Herschels View of G49 FilamentLearn MoreMay 28, 2015 • Featured Image
New images of huge filamentary structures of gas and dust from the Herschel space observatory reveal how matter is distributed across our Milky Way galaxy. Long and flimsy threads emerge from a twisted mix of material, taking on complex shapes.
This image shows a filament called G49, which contains 80,000 suns' worth of mass. This huge but slender structure of gas and dust extends about 280 light-years in length, while its diameter is only about 5 light-years across.
Our Sun Came Late to the Milky Way's Star-Birth PartyLearn MoreApril 9, 2015 • Feature
Our Sun missed the stellar "baby boom" that erupted in our young Milky Way galaxy 10 billion years ago. During that time the Milky Way was churning out stars 30 times faster than it does today. Our galaxy was ablaze with a firestorm of star birth as its rich reservoir of hydrogen gas compressed under gravity, creating myriad stars. But our Sun was not one of them. It was a late "boomer," arising 5 billion years later, when star birth had plunged to a trickle.
Slow-Growing Galaxies Offer Window to Early UniverseLearn MoreMarch 31, 2015 • News Feature
One telescope finds the treasure chest, and the other narrows in on the gold coins. Data from two European Space Telescope missions, Planck and Herschel, have together identified some of the oldest and rarest clusters of galaxies in the distant cosmos. Planck's all-sky images revealed the clumps of bright galaxies, while Herschel data allowed researchers to inspect the galactic gems more closely and confirm the discovery.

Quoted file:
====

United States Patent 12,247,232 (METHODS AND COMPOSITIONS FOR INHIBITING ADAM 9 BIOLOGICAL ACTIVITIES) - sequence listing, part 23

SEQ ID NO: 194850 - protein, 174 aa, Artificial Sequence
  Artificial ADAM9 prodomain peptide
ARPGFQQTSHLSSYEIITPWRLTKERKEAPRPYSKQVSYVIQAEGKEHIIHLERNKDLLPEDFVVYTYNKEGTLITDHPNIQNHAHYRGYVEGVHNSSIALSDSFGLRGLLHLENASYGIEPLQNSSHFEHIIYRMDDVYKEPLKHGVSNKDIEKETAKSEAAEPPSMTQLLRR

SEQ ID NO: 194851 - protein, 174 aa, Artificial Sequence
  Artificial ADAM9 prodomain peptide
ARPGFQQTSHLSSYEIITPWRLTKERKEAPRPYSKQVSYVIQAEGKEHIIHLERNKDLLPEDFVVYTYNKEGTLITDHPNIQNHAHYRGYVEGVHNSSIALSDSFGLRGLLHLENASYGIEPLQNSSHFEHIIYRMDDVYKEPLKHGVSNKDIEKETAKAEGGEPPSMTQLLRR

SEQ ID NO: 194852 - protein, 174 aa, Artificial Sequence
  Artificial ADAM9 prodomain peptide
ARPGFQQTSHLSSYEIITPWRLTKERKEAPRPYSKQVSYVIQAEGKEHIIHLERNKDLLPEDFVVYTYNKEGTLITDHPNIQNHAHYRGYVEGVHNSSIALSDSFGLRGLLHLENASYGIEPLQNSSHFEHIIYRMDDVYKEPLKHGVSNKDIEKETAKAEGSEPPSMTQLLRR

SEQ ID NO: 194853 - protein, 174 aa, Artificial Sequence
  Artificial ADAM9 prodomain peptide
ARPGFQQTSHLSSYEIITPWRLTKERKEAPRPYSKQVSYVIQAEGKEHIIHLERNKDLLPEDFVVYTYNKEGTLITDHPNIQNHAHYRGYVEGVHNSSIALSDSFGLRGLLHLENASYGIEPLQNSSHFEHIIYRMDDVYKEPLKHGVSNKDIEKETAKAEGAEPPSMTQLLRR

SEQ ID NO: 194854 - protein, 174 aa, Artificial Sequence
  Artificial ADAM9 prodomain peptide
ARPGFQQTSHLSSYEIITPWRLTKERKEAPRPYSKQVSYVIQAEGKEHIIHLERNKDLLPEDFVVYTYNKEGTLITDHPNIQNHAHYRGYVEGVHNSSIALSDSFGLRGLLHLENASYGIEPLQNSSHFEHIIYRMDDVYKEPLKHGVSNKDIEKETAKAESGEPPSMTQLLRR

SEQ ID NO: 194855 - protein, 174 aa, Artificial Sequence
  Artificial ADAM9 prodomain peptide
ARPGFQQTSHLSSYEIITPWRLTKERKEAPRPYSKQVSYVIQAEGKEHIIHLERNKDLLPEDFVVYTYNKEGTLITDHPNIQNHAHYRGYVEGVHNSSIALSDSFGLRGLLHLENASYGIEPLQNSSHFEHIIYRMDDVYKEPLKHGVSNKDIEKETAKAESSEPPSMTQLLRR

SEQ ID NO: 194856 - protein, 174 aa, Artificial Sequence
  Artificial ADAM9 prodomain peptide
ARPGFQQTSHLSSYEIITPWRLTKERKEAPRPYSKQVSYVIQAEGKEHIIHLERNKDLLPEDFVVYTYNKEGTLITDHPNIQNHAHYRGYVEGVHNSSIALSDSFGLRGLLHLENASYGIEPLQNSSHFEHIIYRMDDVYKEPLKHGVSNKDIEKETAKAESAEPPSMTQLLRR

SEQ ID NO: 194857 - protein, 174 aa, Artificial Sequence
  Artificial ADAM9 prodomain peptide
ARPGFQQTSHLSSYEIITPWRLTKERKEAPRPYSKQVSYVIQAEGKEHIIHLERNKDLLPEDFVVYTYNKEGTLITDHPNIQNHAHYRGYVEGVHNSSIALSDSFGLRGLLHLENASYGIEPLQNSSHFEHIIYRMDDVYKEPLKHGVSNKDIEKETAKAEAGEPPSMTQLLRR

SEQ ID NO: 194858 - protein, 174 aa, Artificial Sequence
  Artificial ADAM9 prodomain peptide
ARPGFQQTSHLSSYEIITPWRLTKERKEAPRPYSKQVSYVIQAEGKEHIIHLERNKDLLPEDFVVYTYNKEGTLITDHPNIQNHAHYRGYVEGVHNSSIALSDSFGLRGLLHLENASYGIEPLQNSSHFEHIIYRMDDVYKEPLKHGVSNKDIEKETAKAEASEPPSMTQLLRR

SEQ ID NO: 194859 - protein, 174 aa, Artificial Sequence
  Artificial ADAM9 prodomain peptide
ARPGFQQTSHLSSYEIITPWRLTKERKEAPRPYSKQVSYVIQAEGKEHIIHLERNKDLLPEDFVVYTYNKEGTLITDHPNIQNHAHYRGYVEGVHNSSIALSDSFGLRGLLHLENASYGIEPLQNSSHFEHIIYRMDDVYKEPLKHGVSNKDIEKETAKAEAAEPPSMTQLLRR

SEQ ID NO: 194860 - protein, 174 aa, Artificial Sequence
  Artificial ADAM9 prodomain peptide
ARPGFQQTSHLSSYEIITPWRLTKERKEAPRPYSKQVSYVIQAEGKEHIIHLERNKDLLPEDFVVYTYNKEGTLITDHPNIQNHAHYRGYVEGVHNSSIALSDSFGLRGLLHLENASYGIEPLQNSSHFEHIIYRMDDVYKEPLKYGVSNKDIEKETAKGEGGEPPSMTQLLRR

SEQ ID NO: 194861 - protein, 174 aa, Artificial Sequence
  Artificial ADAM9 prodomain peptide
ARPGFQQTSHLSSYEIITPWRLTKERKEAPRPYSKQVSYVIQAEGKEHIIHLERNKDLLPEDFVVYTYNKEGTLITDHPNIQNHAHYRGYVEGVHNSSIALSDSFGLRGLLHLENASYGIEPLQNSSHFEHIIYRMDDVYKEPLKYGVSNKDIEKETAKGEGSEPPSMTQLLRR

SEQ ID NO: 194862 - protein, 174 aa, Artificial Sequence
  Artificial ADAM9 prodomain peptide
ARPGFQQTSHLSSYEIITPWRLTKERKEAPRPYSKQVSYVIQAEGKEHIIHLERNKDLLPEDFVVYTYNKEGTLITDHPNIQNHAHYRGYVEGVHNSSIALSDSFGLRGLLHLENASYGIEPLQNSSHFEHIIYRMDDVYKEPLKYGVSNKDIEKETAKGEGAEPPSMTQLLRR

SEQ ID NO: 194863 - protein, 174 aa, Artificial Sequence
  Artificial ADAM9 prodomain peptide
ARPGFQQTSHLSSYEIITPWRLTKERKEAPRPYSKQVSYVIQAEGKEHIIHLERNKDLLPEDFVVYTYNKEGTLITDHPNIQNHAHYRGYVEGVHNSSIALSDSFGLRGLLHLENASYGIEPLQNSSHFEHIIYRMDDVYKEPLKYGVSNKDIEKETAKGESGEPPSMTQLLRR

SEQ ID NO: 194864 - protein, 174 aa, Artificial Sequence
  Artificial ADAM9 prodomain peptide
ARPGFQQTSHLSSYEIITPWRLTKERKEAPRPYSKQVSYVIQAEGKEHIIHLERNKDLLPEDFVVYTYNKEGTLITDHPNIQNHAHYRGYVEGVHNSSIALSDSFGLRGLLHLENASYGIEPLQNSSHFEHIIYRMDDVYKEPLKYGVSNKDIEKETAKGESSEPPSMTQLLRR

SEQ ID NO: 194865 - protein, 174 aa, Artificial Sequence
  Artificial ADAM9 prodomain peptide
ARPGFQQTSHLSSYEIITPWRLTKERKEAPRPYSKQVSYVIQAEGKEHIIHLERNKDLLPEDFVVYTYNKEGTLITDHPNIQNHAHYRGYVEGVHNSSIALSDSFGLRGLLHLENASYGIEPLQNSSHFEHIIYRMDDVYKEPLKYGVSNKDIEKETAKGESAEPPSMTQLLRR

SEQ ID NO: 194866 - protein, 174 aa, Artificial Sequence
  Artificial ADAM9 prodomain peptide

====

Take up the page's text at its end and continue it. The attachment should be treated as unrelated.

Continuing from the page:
Suzaku, Herschel Link a Black Hole 'Wind' to a Galactic Gush of Star-forming GasLearn MoreMarch 25, 2015 • News Release
By combining observations from the Japan-led Suzaku X-ray satellite and the European Space Agency's infrared Herschel Space Observatory, scientists have connected a fierce "wind" produced near a galaxy's monster black hole to an outward torrent of cold gas a thousand light-years across. The finding validates a long-suspected feedback mechanism enabling a supermassive black hole to influence the evolution of its host galaxy.
Herschel’s view of the early Universe reveals galaxy cluster fireworksLearn MoreDecember 18, 2014 • News Release
Astronomers using ESA’s Herschel space observatory have found, for the first time, fireworks of star birth within galaxies at the dense core of a massive early Universe galaxy cluster. This frenzy of star formation reveals the young lives of now “red and dead” elliptical galaxies and gives new clues to the evolution of some of the largest structures in the Universe.